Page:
When Denver was young as we neared Christmas, Erik suggested getting him a Nintendo DS.
My first reaction? An immediate, resounding, “NO.”
After much debate, discussion, and a little cajoling, I gave in. The first child device entered our home.
From there it expanded. A Playstation, an iPod, a Wii, a tablet.
We thought our established rules were enough.
No accounts I did not know about.
NO accounts I did not know about.
I am to have access to ALL passwords, all accounts, all the time.
The devices did not stay in the bedroom.
I could take the devices and nose around at any time.
Did I mention – no accounts I didn’t know about?
I tried parental controls, but they were minimal on the early devices.
I tried communication (*side note: have you ever tried talking to a brick wall? It’s beyond fun, I promise. No, really. Come talk to my teen, you’ll love it. </end sarcasm>)
I tried prying and sneaking. Once it was known I was looking, sneak accounts were made. When I discovered the sneak accounts, more were made.
The past couple of years have been a nightmare that dissolved into all devices (including the school issued iPad) were taken away. The teen is now device-less save for a cell phone that is a flip phone–as dumb as they come.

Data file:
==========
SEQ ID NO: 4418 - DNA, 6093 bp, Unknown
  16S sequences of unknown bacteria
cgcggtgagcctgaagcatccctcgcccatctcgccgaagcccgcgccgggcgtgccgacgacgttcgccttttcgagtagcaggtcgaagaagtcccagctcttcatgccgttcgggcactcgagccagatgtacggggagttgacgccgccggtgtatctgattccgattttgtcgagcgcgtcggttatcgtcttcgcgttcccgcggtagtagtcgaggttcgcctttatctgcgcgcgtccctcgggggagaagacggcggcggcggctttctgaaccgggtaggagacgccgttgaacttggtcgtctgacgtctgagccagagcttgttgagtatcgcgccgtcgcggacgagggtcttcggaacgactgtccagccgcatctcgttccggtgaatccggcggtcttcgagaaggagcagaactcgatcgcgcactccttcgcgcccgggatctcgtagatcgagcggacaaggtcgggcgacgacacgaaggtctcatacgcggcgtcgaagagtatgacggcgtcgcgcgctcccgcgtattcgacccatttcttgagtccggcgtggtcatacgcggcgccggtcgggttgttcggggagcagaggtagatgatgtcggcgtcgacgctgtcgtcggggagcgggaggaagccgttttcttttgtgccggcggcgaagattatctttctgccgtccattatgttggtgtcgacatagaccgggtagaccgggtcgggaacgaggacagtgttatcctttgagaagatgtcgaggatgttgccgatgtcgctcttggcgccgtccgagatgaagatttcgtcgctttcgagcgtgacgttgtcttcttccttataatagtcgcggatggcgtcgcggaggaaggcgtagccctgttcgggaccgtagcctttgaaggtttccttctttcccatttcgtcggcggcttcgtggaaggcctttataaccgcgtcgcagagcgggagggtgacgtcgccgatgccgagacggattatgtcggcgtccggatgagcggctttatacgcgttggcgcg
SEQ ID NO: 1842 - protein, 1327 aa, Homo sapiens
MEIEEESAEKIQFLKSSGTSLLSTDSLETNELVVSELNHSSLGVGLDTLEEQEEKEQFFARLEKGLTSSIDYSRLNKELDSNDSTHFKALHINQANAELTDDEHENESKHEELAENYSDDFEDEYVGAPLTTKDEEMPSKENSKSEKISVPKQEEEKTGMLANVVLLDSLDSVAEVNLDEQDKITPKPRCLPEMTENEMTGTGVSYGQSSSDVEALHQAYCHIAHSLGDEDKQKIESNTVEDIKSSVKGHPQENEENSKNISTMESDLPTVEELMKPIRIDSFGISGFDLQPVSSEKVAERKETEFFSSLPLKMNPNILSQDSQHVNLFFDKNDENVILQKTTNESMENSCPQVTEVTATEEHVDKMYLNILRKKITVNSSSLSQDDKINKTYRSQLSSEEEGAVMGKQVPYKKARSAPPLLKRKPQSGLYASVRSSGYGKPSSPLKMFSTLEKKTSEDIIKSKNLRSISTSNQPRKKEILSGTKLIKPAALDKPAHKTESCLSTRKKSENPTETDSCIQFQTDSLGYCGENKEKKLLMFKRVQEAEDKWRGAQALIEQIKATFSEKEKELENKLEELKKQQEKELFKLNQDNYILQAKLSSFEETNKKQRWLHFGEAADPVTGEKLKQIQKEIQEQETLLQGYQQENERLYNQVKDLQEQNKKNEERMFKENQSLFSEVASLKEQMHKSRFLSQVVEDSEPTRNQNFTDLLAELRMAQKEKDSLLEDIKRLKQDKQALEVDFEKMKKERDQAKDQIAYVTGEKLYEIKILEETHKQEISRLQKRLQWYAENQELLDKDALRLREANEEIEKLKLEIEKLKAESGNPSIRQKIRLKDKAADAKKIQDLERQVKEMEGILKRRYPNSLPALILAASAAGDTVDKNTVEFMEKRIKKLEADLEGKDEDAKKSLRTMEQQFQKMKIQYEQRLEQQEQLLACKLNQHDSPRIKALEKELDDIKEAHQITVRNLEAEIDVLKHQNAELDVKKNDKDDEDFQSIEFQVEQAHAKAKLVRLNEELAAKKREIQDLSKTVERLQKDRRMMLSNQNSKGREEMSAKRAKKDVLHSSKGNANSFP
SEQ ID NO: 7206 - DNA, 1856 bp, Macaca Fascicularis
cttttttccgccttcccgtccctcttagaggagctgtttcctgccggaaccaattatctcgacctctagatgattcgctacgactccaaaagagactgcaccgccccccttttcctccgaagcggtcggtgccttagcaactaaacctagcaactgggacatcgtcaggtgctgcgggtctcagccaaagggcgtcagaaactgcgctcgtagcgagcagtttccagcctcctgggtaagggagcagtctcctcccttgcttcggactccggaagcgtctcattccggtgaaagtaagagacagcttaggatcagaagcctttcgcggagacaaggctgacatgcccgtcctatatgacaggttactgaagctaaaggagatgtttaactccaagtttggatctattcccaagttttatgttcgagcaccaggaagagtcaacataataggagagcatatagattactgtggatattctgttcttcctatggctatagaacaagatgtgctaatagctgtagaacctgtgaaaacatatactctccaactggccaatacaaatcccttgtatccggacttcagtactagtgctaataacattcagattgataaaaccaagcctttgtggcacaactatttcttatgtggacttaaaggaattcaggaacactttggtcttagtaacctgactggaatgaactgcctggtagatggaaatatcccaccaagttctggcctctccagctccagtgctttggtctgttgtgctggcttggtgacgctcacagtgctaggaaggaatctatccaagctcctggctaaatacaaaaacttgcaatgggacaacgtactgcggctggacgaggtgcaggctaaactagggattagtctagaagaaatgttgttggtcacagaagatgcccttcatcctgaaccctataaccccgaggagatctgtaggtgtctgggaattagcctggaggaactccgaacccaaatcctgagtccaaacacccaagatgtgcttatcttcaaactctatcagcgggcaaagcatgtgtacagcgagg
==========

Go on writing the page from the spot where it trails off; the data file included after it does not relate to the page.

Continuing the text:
So when the time came earlier this year to figure out a birthday present for the girls, you can imagine my immense trepidation when the husband yet again suggested, “What about tablets?”
Again the debate raged.
“Look what happened when we started down this road last time.”
“But we learned so much. We know now what not to do.”
“I know – but look what happened when we started down this road last time.”
“They won’t have internet access. We’ll have parental controls.”
“But…I won’t lose them to the devices like I did him.”
“We learned a lot.”
In the end, yes…we got tablets for the girls for their birthdays.
I made sure, despite the girls age of 9 & 10, that they had the best kid-friendly devices. I downloaded acceptable apps, I blocked internet access and everything BUT the acceptable apps (thanks to a kid-zone sort of app). So they can’t play with settings, or shop for more apps, they can’t see anything but the apps I chose for them.
They aren’t allowed to play on it EVERY day, and they aren’t allowed to play for them for hours on end. Plus, their time on the device is tracked (I can set limits, but have not yet).
I have learned from my mistakes, and while I’m still not entirely comfortable with the girls having devices, I’m much more comfortable with how we’re handling things this time.
Trust is earned, not freely given.
My noose might be tighter this time around, but experience taught me some painful lessons these past few years.
What about you? Do your kids have devices? What sort of restrictions do you place on them?